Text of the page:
A recent post about a colleague's postdoc who is disrespectful (in more than a casual way) to female postdocs, but not to female professors or students, attracted many comments, including some from those who felt that the postdoc should be immediately fired.
I am curious about the demographics of those in the 'fire him immediately' camp vs. those in the 'give him a chance to change' camp.
My hypothesis, which we may or may not be able to test, is that the different responses relate more to academic position than to gender. That is, I think that those who have experience advising postdocs and graduate students might be the ones who are more interested in finding a way to change his behavior and attitude, while at the same time protecting his female peers.
In contrast, those with less advising experience might focus more on the fact that, in some fields, there is an oversupply of talented postdocs, so why waste time on one who has behaved reprehensibly? That is, if this postdoc cannot behave in a professional way towards all colleagues, he should be fired without being given a chance to change, and immediately replaced with someone without these problems.
This hypothesis may well be wrong, of course, but if amount of advising experience relates to the various responses to the 'peer sexism' anecdote, this is interesting because it conflicts with the view of many of my early-career readers who feel that professors aren't as humane as they could be in their dealings with postdocs and students. That is, professors should be more aware that graduate students and postdocs don't arrive fully trained and perfect, and should be less inclined to fire and fail those who don't meet our high standards (yet). We professors should work harder on the training and mentoring aspects of our jobs.
Holding that belief and the "fire him immediately" point of view requires making a distinction between the "how to do research" aspects of training and "how to get along with others" aspects. It requires being more patient with those who struggle with the first aspect, and less (or not at all) with the second. I see them both as elements of my job as an adviser, although I think many of us are very challenged by the second aspect of the advising job.
It is important to note that the specific case described in my earlier post does not involve violence, intimidation, physical contact, or any other serious situations in which immediate firing would obviously be well justified. The unprofessional behavior of this postdoc is unacceptable and should not continue, but, in my opinion, does not rise to the level of immediate firing without first giving the postdoc a change to change his behavior.
Although my influence on the employment status of a postdoc supervised by another professor at another university in another country on research in which I have no involvement is quite low, I have talked about the situation with the postdoc's supervisor, and know that he is taking it seriously. It would be unacceptable if no action were taken and if there were no negative consequences for the postdoc if he does not change. I do not believe that will be the case. The postdoc has recently been alerted to the fact that his behavior is unacceptable, not only to the female postdocs, but to his supervisor, and he has been given the opportunity to change; on what time scale and by what means of evaluation of progress, I do not know.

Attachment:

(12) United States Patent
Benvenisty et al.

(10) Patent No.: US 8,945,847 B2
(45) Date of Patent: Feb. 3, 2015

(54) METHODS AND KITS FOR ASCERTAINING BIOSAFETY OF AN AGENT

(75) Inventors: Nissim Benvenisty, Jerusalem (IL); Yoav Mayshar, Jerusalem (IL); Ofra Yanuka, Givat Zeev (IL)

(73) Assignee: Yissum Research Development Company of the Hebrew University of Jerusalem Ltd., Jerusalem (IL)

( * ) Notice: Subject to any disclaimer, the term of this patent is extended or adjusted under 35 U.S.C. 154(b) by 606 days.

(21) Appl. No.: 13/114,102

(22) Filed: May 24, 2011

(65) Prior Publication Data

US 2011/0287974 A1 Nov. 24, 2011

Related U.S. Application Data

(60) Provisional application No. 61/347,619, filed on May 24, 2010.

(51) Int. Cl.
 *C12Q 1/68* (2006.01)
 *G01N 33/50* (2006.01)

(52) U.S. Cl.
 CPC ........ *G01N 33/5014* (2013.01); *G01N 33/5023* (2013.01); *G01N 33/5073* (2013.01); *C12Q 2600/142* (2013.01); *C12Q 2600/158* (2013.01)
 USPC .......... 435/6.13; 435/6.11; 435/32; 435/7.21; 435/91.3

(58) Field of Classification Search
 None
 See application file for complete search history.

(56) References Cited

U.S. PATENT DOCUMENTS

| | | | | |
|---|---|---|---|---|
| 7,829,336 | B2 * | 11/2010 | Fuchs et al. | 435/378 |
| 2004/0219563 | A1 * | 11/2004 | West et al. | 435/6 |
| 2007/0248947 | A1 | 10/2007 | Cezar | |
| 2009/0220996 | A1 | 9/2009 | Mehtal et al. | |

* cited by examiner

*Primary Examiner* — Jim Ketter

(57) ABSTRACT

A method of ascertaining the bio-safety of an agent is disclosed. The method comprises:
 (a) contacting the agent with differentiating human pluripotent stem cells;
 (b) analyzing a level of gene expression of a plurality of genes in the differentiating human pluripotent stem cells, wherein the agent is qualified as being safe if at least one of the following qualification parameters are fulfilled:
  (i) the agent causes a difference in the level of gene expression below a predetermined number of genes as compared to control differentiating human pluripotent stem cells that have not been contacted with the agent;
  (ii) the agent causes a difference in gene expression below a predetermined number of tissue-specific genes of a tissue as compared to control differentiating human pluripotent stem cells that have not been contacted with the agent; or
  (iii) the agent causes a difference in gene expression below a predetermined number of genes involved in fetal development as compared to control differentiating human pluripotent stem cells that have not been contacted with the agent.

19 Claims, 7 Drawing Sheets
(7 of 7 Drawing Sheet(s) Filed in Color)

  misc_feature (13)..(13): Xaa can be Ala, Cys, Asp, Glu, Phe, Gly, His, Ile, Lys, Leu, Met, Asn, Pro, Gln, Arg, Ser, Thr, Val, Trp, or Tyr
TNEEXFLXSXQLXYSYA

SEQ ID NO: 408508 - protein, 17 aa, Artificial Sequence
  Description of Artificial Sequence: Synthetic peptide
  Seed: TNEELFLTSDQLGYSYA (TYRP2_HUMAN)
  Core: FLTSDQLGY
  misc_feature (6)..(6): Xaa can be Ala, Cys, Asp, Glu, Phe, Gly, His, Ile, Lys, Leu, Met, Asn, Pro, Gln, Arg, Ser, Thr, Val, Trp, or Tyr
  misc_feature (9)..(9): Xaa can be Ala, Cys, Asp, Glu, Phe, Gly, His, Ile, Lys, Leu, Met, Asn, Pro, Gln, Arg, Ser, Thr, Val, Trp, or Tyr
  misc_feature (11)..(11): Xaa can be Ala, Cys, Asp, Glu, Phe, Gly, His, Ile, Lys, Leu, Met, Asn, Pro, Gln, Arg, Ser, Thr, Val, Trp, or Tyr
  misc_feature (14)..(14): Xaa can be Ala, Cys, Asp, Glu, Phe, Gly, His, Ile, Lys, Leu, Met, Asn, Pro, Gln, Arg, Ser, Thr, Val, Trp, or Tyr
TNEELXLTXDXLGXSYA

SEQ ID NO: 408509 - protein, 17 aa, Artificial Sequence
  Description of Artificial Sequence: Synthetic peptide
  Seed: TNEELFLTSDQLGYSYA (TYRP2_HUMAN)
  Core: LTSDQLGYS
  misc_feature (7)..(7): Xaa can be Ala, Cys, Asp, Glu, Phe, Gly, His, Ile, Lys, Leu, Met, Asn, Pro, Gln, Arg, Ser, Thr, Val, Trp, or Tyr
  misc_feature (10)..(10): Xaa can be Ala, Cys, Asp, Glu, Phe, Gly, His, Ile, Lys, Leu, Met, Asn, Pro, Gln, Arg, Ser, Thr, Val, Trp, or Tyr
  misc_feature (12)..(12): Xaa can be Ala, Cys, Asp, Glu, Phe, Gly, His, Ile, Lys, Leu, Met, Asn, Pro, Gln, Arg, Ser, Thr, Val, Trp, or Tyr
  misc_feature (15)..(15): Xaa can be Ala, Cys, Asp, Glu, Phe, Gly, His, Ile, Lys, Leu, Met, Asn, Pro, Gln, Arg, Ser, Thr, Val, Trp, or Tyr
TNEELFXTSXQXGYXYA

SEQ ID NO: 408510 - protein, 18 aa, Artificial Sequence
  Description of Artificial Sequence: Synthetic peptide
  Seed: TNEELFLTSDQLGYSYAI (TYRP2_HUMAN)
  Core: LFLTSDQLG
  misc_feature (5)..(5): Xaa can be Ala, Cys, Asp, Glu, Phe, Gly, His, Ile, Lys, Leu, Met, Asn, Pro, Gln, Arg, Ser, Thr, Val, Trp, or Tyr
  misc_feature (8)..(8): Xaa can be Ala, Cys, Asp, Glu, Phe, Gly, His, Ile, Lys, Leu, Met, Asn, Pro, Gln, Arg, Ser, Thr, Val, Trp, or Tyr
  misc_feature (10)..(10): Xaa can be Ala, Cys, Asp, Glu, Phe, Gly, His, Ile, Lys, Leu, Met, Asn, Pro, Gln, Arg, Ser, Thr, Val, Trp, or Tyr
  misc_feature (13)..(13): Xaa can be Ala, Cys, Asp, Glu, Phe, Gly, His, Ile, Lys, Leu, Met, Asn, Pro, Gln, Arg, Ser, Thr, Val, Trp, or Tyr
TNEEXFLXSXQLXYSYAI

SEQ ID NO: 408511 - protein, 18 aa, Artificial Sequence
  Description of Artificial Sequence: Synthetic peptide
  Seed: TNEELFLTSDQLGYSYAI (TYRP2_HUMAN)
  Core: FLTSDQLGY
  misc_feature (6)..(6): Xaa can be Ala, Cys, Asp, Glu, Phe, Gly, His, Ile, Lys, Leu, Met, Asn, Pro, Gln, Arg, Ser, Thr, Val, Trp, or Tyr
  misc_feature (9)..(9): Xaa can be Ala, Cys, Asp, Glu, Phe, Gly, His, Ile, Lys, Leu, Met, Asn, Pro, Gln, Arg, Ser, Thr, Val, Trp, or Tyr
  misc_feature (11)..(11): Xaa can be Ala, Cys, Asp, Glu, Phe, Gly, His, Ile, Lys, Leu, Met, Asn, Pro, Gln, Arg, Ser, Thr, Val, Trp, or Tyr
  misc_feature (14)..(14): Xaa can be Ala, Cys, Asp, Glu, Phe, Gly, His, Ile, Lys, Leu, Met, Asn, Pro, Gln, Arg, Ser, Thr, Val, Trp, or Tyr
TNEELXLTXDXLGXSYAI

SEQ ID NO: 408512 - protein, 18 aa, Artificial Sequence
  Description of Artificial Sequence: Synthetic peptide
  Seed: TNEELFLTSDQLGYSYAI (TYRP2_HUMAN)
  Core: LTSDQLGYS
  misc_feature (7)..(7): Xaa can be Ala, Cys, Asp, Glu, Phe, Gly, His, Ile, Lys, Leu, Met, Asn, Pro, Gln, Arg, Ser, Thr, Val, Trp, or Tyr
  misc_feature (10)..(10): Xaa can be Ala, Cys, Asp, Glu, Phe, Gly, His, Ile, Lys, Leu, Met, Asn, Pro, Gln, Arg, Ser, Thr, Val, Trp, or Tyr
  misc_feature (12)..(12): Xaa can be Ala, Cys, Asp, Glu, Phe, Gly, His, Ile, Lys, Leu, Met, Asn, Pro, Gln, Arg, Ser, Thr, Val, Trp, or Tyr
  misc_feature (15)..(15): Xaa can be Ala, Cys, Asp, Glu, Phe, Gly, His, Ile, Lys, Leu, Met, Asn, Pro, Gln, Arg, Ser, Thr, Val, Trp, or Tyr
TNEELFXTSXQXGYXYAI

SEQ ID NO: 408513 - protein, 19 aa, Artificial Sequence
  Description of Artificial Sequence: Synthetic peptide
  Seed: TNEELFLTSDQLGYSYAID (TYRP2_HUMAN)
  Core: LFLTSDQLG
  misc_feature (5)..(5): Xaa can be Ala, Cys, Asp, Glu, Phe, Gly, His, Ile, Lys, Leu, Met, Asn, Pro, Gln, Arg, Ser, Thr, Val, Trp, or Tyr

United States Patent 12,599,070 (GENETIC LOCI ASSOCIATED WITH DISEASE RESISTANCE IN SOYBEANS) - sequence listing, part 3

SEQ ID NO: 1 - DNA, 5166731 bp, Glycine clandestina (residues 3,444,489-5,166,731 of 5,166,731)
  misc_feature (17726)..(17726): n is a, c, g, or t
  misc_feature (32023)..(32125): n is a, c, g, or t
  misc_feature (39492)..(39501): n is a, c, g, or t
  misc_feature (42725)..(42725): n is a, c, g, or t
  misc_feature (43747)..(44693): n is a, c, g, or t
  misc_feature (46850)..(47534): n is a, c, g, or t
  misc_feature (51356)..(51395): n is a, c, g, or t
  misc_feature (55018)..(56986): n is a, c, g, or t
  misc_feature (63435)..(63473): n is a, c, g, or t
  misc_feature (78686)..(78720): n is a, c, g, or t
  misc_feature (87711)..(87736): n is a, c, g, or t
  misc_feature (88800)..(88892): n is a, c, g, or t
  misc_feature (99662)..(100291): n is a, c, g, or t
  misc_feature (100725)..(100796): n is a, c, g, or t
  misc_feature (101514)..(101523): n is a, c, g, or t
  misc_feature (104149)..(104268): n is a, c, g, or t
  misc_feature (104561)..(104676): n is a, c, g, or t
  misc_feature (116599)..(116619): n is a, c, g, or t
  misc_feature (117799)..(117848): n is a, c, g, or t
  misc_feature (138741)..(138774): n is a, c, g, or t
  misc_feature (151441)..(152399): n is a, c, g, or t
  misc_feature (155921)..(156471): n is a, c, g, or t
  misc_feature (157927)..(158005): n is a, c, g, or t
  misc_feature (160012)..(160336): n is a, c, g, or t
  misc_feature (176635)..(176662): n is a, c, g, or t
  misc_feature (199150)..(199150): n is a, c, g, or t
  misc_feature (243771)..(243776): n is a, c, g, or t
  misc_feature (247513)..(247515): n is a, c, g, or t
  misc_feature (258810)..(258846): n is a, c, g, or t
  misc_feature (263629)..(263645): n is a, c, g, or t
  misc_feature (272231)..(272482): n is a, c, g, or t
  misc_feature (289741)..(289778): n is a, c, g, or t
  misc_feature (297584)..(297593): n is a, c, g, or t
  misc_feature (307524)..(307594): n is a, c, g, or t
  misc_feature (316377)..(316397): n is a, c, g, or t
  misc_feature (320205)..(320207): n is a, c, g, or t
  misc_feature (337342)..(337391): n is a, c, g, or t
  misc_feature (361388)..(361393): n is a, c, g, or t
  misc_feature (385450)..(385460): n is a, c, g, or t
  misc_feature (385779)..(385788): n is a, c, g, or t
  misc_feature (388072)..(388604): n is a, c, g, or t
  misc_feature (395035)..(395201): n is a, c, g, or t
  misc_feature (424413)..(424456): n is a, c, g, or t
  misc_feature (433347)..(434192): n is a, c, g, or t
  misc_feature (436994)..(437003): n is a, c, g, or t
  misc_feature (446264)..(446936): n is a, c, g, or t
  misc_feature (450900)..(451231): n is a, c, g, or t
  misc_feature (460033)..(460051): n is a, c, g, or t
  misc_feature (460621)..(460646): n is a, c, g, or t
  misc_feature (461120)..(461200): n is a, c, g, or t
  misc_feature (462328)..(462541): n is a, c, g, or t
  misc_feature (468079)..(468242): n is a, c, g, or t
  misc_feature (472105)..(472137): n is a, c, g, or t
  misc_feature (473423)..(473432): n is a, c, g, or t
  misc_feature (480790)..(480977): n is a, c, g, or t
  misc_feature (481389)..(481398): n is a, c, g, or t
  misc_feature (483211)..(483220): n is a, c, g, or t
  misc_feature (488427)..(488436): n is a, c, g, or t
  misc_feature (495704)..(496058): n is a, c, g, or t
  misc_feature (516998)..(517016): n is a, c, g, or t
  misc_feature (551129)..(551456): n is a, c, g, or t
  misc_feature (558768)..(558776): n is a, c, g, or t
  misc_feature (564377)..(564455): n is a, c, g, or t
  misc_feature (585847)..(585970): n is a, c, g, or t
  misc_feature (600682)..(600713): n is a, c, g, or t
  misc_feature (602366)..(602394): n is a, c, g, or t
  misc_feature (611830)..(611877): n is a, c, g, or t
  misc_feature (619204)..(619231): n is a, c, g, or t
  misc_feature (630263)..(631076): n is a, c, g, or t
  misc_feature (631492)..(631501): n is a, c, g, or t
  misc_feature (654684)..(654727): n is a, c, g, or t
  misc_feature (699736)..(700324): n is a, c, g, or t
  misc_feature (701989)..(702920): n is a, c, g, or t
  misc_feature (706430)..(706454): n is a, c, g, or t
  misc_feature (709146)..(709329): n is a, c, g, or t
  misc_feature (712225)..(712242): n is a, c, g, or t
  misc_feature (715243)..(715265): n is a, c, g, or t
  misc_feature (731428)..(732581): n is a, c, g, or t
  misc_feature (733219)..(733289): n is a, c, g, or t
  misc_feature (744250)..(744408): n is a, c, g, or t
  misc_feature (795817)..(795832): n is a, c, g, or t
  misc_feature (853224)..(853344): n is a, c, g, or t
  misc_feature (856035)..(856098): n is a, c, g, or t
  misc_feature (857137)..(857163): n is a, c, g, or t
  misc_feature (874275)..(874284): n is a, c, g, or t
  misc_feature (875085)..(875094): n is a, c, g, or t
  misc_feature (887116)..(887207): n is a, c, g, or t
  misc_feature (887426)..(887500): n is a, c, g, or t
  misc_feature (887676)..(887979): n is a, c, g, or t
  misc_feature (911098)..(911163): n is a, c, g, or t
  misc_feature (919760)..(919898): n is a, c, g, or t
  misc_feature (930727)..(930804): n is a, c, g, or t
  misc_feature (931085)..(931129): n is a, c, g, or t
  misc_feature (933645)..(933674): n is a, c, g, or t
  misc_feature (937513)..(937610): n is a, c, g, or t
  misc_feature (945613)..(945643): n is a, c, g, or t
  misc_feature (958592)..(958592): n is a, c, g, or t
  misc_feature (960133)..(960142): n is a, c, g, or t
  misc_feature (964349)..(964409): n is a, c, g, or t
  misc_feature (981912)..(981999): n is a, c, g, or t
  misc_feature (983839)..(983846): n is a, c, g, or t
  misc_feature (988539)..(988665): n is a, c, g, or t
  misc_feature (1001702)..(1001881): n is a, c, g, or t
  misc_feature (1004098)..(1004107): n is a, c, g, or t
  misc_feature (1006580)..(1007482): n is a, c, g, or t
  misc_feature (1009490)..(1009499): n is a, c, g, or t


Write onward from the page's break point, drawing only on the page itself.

The question I asked earlier was whether readers believed the postdoc could change. Today the question is: Why do some people think the postdoc should be fired without any effort to find a way to change his attitude and behavior? If there is much evidence that this postdoc is a thoughtful, sincere, and nice person in other aspects of his professional life, why not try to build on that? Wouldn't we all benefit if this postdoc can change? Isn't it the responsibility of his supervisor to try to effect such a change? The supervisor is also responsible for some of the female postdocs involved in this situation, but if he believes he can protect them and mentor the problem postdoc, shouldn't he try?
Although I feel optimistic about this particular case, overall the situation is depressing. I am very weary of the apparently limitless supply of sexists of all ages, although I know from long experience advising that few of us are perfect in our interpersonal relations, and some people can change (for the better).
If, after efforts to fix the problem, this postdoc continued to show no signs of being able to work with female peers, his contract should be terminated, no matter how talented he is at research and no matter how respectful he is to women who are not his peers. Such termination is the right thing to do for many reasons, including the very practical reason that his inability to work with everyone on his research team (and creation of a hostile work environment for some) harms the research.
I hope it doesn't come to that, but the situation nevertheless make me wonder: Is a desire for the elimination of sexism (and similar problems) in academia incompatible with a wish to educate and reform the perpetrators? I don't think it is.
10 years ago